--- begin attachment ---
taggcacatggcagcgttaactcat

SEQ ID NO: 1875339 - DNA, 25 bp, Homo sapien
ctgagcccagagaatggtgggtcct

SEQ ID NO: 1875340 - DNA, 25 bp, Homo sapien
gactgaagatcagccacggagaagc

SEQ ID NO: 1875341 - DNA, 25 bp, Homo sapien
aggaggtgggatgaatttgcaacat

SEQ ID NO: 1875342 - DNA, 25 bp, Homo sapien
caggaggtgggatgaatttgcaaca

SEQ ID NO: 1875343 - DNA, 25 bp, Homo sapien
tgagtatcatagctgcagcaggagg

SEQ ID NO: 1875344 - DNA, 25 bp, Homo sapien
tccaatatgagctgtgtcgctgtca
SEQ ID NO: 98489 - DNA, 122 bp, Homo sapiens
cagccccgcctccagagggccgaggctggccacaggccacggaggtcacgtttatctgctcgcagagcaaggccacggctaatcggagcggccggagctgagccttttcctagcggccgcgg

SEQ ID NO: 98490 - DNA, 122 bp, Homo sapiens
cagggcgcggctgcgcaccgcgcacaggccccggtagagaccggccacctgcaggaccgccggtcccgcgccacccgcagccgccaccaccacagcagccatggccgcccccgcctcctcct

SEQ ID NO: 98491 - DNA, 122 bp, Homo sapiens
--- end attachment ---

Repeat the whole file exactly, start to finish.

taggcacatggcagcgttaactcat

SEQ ID NO: 1875339 - DNA, 25 bp, Homo sapien
ctgagcccagagaatggtgggtcct

SEQ ID NO: 1875340 - DNA, 25 bp, Homo sapien
gactgaagatcagccacggagaagc

SEQ ID NO: 1875341 - DNA, 25 bp, Homo sapien
aggaggtgggatgaatttgcaacat

SEQ ID NO: 1875342 - DNA, 25 bp, Homo sapien
caggaggtgggatgaatttgcaaca

SEQ ID NO: 1875343 - DNA, 25 bp, Homo sapien
tgagtatcatagctgcagcaggagg

SEQ ID NO: 1875344 - DNA, 25 bp, Homo sapien
tccaatatgagctgtgtcgctgtca
SEQ ID NO: 98489 - DNA, 122 bp, Homo sapiens
cagccccgcctccagagggccgaggctggccacaggccacggaggtcacgtttatctgctcgcagagcaaggccacggctaatcggagcggccggagctgagccttttcctagcggccgcgg

SEQ ID NO: 98490 - DNA, 122 bp, Homo sapiens
cagggcgcggctgcgcaccgcgcacaggccccggtagagaccggccacctgcaggaccgccggtcccgcgccacccgcagccgccaccaccacagcagccatggccgcccccgcctcctcct

SEQ ID NO: 98491 - DNA, 122 bp, Homo sapiens